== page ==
Originally published in the Irish Examiner
An email, on a Sunday, from the Director of Public Prosecutions stops me in my tracks. Now, at the best of times, I suffer from non-specific guilt. Meaning I have the self-condemnation you’d expect major drug dealers to experience, even though all you’ll ever get from me is an elderly Disprin. Because of that guilt, if the DPP is after me, I figure I deserve it and move straight away to hope for the odd visitor when I’m behind bars. I’ll probably be the only offender to express remorse before even learning what offence I’ve committed. It takes me three panicked readings to work out that this message actually comes from DPD, a courier company, rather than the DPP, and is demanding I pay customs fees up front on my purchase. It doesn’t specify what my purchase is, but I figure it’s the extra-large ironing board cover, bought as an investment in the future — some post-pandemic day, I may need a crisp shirt. I pay up with some relief.
Somebody has sent me a heavy machine for filling my air with salt. It comes without a card, a note, or a compliment slip and I have not ordered a salt-spewing machine. The outside of the heavy box tells me it will cure my asthma and improve my life in vague but important ways. I live by the sea, which makes the ambient air so aggressively salty that even stainless steel in my kitchen rusts. Technically, it is not possible to rust stainless steel, but my kitchen says otherwise. Point being, since I live in a salt-saturated environment all the time, why the hell would I want an electronic yoke to make things even more saline?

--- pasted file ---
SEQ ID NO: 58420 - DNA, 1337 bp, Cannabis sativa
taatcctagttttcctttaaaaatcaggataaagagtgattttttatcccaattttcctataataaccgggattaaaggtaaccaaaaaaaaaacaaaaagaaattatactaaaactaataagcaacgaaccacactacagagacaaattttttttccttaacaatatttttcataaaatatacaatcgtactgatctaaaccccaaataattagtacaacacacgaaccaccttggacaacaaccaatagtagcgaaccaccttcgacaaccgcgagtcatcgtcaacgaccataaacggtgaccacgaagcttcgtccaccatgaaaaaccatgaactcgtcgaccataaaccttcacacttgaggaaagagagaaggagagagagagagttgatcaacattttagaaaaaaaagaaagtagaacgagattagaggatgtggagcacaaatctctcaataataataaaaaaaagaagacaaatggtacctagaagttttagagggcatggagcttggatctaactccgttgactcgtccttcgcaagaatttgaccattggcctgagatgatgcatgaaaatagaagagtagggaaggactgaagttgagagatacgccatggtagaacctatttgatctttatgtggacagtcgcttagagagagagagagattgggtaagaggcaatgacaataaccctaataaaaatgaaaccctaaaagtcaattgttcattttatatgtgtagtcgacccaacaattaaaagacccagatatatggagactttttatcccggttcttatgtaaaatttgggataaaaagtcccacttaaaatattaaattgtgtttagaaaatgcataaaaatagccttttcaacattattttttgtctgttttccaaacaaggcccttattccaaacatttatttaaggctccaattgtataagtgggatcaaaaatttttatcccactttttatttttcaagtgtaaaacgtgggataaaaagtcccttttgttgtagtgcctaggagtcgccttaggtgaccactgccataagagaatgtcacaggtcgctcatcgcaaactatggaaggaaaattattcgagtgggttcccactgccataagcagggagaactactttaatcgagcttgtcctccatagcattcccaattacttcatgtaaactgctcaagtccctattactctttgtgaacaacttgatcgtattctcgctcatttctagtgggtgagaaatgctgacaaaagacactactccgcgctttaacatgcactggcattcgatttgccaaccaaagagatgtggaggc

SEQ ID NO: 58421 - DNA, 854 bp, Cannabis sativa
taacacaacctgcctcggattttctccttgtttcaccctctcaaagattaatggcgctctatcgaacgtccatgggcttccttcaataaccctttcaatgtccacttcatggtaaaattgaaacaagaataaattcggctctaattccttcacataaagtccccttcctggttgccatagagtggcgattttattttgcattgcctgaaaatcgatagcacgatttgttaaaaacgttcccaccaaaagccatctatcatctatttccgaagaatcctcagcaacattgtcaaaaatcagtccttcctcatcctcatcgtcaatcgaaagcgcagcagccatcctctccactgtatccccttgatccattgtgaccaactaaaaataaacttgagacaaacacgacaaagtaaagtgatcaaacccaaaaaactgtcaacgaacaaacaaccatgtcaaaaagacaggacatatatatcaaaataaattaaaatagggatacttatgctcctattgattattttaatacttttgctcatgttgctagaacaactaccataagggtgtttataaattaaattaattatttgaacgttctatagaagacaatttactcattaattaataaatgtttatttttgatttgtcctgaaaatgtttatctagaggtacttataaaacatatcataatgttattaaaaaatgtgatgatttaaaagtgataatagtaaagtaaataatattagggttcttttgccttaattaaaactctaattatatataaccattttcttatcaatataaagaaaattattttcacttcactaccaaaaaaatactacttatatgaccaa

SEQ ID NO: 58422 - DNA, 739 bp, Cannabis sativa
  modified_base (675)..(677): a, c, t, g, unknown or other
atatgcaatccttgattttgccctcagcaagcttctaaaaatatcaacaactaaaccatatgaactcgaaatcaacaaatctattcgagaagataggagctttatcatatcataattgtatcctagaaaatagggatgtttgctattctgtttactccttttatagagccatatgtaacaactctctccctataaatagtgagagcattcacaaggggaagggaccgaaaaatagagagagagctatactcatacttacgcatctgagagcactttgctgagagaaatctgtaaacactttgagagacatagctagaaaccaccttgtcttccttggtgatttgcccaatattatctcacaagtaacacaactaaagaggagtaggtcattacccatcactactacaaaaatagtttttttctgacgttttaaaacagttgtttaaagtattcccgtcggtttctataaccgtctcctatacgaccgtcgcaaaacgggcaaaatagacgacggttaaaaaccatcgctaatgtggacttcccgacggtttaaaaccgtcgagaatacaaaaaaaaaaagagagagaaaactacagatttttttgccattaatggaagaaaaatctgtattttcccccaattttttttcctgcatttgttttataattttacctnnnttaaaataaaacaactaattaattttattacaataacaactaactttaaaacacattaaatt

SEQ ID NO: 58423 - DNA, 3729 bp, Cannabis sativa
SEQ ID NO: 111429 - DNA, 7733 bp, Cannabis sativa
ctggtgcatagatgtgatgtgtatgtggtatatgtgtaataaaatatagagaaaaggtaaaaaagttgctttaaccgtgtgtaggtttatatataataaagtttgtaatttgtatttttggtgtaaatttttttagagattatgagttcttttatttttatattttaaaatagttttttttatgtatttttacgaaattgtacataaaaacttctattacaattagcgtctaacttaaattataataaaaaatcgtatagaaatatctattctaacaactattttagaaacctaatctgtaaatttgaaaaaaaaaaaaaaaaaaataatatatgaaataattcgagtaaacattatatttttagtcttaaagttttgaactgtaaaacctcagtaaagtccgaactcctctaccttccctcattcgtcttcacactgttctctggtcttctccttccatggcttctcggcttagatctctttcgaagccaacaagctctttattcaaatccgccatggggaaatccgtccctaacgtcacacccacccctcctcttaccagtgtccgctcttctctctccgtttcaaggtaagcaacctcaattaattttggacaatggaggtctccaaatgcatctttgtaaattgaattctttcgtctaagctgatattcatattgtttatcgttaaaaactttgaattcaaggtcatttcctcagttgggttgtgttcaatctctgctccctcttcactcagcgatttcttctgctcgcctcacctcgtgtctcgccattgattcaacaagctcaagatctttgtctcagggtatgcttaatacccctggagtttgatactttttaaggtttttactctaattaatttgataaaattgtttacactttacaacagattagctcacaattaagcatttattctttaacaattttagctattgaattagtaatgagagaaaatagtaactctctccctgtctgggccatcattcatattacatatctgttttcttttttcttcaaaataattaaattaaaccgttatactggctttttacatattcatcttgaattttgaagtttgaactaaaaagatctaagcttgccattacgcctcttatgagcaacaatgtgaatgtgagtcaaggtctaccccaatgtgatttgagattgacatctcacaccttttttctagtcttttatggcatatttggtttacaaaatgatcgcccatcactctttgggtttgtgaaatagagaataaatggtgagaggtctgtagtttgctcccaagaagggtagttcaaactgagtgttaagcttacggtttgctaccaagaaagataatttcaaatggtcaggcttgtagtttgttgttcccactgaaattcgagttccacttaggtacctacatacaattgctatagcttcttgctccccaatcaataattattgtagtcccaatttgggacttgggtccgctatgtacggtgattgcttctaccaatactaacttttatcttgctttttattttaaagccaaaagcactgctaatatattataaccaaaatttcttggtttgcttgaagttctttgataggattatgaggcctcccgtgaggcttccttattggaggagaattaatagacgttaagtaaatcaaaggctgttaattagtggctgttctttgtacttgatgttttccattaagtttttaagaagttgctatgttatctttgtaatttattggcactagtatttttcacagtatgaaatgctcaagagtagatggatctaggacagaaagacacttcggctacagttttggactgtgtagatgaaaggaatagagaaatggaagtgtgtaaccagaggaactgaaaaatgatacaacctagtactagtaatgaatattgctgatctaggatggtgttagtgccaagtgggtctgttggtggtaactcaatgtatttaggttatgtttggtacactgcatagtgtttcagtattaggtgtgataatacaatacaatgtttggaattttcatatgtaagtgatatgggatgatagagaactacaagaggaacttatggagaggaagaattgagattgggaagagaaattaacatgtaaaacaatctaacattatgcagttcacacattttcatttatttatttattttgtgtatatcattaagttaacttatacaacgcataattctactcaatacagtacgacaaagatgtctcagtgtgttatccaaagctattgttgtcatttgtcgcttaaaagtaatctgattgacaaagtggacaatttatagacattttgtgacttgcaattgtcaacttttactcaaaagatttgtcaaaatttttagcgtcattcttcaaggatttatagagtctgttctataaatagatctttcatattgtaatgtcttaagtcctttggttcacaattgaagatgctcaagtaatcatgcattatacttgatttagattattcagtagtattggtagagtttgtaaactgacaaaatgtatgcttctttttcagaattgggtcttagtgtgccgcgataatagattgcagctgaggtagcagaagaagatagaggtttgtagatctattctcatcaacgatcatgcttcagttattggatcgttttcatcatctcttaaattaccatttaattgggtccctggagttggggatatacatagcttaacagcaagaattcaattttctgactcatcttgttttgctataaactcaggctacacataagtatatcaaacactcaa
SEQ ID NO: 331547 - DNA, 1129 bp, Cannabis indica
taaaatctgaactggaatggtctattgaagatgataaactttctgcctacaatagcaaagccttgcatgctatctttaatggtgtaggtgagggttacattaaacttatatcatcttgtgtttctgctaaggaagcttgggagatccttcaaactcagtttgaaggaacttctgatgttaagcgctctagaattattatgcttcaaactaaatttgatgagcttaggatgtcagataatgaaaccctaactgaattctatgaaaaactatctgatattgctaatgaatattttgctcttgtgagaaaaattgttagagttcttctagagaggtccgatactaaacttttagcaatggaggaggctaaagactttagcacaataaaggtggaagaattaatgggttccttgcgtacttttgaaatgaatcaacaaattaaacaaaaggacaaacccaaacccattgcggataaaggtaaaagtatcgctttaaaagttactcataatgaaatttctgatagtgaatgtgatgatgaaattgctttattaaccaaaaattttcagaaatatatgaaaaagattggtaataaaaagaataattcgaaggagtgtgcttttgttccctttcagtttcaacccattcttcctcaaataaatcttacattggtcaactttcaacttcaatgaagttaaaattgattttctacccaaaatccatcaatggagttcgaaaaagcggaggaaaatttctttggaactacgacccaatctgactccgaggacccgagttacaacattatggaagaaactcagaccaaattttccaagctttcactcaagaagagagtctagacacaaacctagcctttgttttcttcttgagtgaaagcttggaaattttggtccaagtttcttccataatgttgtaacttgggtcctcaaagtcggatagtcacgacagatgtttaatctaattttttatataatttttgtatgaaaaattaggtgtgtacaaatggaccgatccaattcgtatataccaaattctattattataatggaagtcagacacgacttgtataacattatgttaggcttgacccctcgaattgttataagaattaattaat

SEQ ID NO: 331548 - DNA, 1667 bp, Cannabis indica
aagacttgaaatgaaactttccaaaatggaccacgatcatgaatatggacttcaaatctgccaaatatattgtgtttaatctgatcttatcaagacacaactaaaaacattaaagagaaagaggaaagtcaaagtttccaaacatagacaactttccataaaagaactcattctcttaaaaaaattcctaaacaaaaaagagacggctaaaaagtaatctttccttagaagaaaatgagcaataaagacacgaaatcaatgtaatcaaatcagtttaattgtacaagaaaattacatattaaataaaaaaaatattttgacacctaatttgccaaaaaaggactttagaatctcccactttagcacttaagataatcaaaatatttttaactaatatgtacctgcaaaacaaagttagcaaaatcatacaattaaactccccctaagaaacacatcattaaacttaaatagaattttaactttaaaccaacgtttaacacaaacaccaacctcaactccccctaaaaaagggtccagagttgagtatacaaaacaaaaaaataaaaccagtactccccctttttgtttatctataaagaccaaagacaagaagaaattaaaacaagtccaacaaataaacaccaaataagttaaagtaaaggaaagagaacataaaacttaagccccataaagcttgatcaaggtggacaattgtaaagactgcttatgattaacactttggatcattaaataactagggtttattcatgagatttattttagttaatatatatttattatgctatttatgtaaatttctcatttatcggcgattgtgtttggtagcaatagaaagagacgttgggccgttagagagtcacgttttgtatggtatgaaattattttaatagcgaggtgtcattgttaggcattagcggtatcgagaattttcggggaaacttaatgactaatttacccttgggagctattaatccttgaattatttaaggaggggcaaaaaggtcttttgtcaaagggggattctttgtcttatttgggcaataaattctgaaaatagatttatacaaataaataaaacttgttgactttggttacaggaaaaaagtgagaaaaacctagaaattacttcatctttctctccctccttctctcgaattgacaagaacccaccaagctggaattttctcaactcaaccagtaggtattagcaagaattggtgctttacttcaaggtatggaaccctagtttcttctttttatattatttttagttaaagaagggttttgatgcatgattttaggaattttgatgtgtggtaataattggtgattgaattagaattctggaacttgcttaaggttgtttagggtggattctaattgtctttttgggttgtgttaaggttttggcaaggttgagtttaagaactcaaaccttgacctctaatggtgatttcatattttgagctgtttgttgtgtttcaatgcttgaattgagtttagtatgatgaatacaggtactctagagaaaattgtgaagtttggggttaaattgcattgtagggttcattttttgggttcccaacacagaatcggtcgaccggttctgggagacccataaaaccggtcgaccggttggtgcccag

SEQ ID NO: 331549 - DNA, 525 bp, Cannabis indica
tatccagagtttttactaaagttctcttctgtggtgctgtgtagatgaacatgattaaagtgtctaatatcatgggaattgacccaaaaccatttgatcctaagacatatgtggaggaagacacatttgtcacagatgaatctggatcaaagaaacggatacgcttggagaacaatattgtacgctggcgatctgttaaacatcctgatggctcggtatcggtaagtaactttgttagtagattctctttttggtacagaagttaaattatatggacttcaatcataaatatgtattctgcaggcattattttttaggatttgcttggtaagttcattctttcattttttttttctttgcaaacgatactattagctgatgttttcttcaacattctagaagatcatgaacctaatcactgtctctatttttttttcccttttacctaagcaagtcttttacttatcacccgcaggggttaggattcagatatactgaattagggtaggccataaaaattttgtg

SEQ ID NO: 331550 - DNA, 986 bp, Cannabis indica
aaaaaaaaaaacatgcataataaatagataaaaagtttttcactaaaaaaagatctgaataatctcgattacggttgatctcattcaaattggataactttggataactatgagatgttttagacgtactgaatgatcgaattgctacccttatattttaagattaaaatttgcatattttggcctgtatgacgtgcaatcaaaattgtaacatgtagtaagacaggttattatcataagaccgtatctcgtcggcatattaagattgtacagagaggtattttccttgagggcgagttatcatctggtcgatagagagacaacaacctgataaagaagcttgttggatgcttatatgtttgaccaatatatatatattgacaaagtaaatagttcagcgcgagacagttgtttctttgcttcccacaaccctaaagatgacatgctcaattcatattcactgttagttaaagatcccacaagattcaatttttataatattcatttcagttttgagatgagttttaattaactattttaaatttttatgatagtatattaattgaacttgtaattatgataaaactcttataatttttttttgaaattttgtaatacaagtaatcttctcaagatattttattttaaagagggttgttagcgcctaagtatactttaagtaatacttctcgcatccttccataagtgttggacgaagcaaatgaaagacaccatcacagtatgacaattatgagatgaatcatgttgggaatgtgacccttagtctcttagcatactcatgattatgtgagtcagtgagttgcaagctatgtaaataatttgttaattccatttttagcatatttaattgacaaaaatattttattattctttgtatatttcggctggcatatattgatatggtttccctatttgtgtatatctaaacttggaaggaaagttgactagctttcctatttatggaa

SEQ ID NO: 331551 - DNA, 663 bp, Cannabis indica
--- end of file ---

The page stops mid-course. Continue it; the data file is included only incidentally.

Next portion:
Text from a friend: “The surgery went well and I will deliver limbs to you as soon as it’s legal.” Even a card-carrying medical groupie like me is slightly floored by the notion of amputated limb delivery. Turns out it’s from a friend who does tree surgery.
Some bloke who shall be nameless (because he had enough troubles this week) has lost the chance to follow the fearsome Rose Hynes as chair of Shannon Airport and its fascinating surroundings. He’s lost his go on this particular roundabout because someone looked up his Twitter account and found he had said bad things about Travellers. Now, he said these bad things six years ago, which makes one wonder why no vetting programme alerted the minister before the minister found out himself and had to ring the nameless bloke and take back the invitation. It also makes one wonder why, on mature recollection, he himself hadn’t expunged the comments.
The amazing thing about social media sharing is how free of consequences it appears to be, up the moment when it drop-kicks you into obloquy or obscurity. The trainers in the careers clinic of my company, at least one of them, at least once a week, watch as people going for posts or promotions go grey about the gills when asked about anything controversial that might be on social media, uploaded by themselves or by a friend. Every time people go on Twitter, Facebook, Instagram or any of the newer platforms, a flashing notice should appear, like the way a leaflet falls out of your new medication, warning that “in rare cases, people taking this medication go stripey, lose the ability to swear, grow feathers, or find their left elbow has developed mange”.